Reversing the Law of the Lid and the Law of Magnetism!

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The Law of the Lid.

John C Maxwell writes of the Law of the Lid and the Law of Magnetism in his best-selling title “The 21 Irrefutable Laws of Leadership”. Your Leadership Ability defines the “lid” of your Leadership, while the Law of Magnetism describes how like attracts like in a Leadership Sense. So in theory, if your Leadership Lid is an 8, you will attract 8’s and below. However if you are a Lid of 4, you cannot expect to attract 8’s and in the event that you do, they won’t stay for long.

The Law plays out often as we see great Leaders attracted to other great leaders, while poor leaders stay with similar. In a previous role, I mentored potential leaders and I had a J&W rule. My observations were very similar to these laws. I had a potential leader who was outstanding. For this article, we will call him James. He was ahead of others in his class and attracted similar potential leaders. These leaders all ended up gaining frontline leadership positions easily and have received further promotions since.

The other leader, and lets call him Wally, was the  exact opposite. Technically competent, he struggled to learn and adapt behaviour  and became frustrated at the change required. As a mentor, I would seek out for Wally to spend time with James, and while James was able and willing with his time, often Wally would choose to spend time with other leaders similar to himself. The struggling helping the struggling. Not ideal. Wally, finally became a frontline leader, and remains so to this day, while others attracted to him have done similar or gone backwards. Hence the J&W Rule.

My observations over time, have also unearthed another interesting scenario. While 8’s attract other 8’s, in companies where transfers and teams are structured, I have seen 8’s go to work for leaders with a lower lid rating. When these teams are forced, the performance of the team will always remain at the level of the leader. So you may have 8’s in your team, but if the leader is a 5, the results from the team will remain at 5 or below. And worse still, if the 8’s aren’t developed, or challenged they will leave or worse, drop to a 5.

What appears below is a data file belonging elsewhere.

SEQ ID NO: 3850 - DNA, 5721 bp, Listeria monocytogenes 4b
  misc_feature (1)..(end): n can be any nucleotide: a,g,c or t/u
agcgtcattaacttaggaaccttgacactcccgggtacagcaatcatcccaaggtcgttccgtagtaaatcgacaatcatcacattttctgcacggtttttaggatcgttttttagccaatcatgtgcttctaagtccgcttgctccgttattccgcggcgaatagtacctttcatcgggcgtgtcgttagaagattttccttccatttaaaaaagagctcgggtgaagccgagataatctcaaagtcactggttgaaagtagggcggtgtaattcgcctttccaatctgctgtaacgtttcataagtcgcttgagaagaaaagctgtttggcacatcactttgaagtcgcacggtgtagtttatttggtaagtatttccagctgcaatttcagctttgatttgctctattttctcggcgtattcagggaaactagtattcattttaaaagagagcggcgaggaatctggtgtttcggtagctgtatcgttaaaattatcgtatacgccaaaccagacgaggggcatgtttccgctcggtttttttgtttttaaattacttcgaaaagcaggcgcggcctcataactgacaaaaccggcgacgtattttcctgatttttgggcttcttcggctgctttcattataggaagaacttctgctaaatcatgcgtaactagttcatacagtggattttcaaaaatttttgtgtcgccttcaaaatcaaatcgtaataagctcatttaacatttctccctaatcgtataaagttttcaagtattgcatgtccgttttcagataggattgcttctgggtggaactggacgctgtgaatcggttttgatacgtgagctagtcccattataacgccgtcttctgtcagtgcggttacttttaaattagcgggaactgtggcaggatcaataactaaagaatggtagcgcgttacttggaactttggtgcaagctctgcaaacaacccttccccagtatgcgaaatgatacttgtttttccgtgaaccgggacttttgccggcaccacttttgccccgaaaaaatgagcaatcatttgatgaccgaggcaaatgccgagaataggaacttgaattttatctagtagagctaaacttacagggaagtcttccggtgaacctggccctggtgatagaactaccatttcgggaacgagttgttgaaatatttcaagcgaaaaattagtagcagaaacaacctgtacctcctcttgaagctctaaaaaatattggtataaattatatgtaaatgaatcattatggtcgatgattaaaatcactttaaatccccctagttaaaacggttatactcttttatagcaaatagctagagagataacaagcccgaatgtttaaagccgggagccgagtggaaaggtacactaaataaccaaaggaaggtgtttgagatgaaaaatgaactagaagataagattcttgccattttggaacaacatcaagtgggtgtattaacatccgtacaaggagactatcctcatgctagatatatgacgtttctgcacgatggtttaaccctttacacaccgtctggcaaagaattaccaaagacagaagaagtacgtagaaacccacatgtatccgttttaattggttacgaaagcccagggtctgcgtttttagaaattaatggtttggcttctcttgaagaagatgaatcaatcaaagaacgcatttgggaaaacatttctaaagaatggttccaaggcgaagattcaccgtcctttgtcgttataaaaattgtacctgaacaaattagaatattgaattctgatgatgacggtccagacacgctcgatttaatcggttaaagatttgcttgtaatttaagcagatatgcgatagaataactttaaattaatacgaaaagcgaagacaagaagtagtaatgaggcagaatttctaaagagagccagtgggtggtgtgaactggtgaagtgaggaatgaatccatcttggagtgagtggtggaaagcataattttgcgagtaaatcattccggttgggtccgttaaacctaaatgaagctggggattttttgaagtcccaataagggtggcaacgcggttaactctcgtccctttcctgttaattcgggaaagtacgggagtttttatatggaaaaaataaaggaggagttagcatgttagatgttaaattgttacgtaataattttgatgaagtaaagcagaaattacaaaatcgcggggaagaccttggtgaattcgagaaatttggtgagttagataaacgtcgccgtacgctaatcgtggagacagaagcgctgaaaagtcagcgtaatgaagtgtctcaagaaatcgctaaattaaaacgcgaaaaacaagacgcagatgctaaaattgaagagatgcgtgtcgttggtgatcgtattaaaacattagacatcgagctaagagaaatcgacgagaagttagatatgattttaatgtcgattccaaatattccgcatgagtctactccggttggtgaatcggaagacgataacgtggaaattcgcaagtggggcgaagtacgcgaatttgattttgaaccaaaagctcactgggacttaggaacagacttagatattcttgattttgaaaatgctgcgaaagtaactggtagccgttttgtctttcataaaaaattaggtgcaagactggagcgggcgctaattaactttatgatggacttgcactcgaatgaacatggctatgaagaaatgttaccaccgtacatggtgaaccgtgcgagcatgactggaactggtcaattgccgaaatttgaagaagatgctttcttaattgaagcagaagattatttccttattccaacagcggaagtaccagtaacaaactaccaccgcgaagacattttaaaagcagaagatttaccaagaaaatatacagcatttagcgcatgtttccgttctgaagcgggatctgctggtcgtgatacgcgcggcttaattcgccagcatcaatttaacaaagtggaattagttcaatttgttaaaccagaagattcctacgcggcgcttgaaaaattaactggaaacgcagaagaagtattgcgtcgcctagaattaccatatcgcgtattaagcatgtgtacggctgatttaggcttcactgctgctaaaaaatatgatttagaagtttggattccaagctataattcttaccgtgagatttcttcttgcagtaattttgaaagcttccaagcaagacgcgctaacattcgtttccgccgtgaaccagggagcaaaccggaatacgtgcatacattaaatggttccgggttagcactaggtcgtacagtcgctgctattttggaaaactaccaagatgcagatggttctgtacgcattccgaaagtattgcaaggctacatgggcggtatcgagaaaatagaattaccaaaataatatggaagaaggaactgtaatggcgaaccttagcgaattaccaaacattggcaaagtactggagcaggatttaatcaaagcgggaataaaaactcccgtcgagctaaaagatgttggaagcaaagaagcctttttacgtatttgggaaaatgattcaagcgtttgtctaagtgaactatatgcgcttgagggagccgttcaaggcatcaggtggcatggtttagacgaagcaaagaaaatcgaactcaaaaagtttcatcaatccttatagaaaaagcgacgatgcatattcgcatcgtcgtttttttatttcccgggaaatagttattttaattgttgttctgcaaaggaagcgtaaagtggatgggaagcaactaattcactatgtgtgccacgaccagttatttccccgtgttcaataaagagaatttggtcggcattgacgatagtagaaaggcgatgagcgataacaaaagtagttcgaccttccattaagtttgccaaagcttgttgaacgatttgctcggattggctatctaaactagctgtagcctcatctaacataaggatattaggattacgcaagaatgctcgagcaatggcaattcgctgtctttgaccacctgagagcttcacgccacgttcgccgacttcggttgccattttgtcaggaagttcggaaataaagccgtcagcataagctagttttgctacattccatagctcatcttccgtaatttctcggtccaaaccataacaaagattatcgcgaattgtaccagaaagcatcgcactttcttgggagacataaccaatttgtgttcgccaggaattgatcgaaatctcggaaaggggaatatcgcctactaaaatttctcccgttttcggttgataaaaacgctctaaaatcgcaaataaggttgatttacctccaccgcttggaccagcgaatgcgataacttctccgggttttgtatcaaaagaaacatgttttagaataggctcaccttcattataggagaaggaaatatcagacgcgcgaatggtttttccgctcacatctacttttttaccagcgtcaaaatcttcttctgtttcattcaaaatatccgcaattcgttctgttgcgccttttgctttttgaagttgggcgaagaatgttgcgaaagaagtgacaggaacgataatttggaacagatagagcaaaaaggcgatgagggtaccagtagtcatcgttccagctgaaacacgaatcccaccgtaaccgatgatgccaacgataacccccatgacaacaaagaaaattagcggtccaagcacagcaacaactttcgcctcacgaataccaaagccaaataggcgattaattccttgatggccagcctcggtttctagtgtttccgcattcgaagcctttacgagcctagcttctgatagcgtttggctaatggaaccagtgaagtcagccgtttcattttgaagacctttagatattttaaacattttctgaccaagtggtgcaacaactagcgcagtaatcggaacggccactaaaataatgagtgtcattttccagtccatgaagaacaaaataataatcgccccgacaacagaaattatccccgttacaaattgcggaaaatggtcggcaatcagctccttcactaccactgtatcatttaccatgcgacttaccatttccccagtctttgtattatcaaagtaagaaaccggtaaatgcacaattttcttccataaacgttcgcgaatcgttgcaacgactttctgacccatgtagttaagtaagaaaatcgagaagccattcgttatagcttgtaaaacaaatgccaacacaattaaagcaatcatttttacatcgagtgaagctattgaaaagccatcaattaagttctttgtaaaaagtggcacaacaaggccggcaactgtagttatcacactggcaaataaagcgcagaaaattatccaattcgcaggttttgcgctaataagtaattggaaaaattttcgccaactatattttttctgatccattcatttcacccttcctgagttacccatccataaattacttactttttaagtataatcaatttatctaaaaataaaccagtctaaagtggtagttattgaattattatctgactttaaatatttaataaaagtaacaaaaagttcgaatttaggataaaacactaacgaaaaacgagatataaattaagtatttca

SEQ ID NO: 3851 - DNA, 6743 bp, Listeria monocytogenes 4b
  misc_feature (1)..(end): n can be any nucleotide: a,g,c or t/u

A team I observe, are led by a 5. The leader “favours” two other leaders on his team, both of who may be 5 or at best a 6. In this team, the leader has some exceptional talent, most of whom the boss ignores and doesn’t develop. The contrast in how each individual performs is startling. One continues to drive the highest possible standards within his team, and delivers a results for an unappreciative boss. He continually gets told that the next step won’t be happening for him and that he needs to accept some “facts” about his role in the team. Another drives outstanding results, and agitates for change which causes frustration and angst within the team. The remaining talented leader, feels insignificant and does not feel valued, and while his contribution is to a standard (and above that of the “favoured”) knows he is capable of more. He has effectively dropped his performance to the level of the leader.

So organizations need to be mindful of situations like this and when they put teams together. None of the talented leaders feel valued in their current situation and this will ultimately cause pain for the organisation as they will either leave for a better leader, or ultimately become disengaged and disillusioned and drop their performance to the level of the leader. Every leader has a role to play in their own development but also in the development of their team.

Every day people go to work for poor leaders. The Law of the Lid states that people can raise their Leadership Lid through development. Unfortunately, your lid can also drop through inaction.

Leaders attract leaders of their own lid level. In reverse, it is never good.

Tony Curl

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Tony Curl

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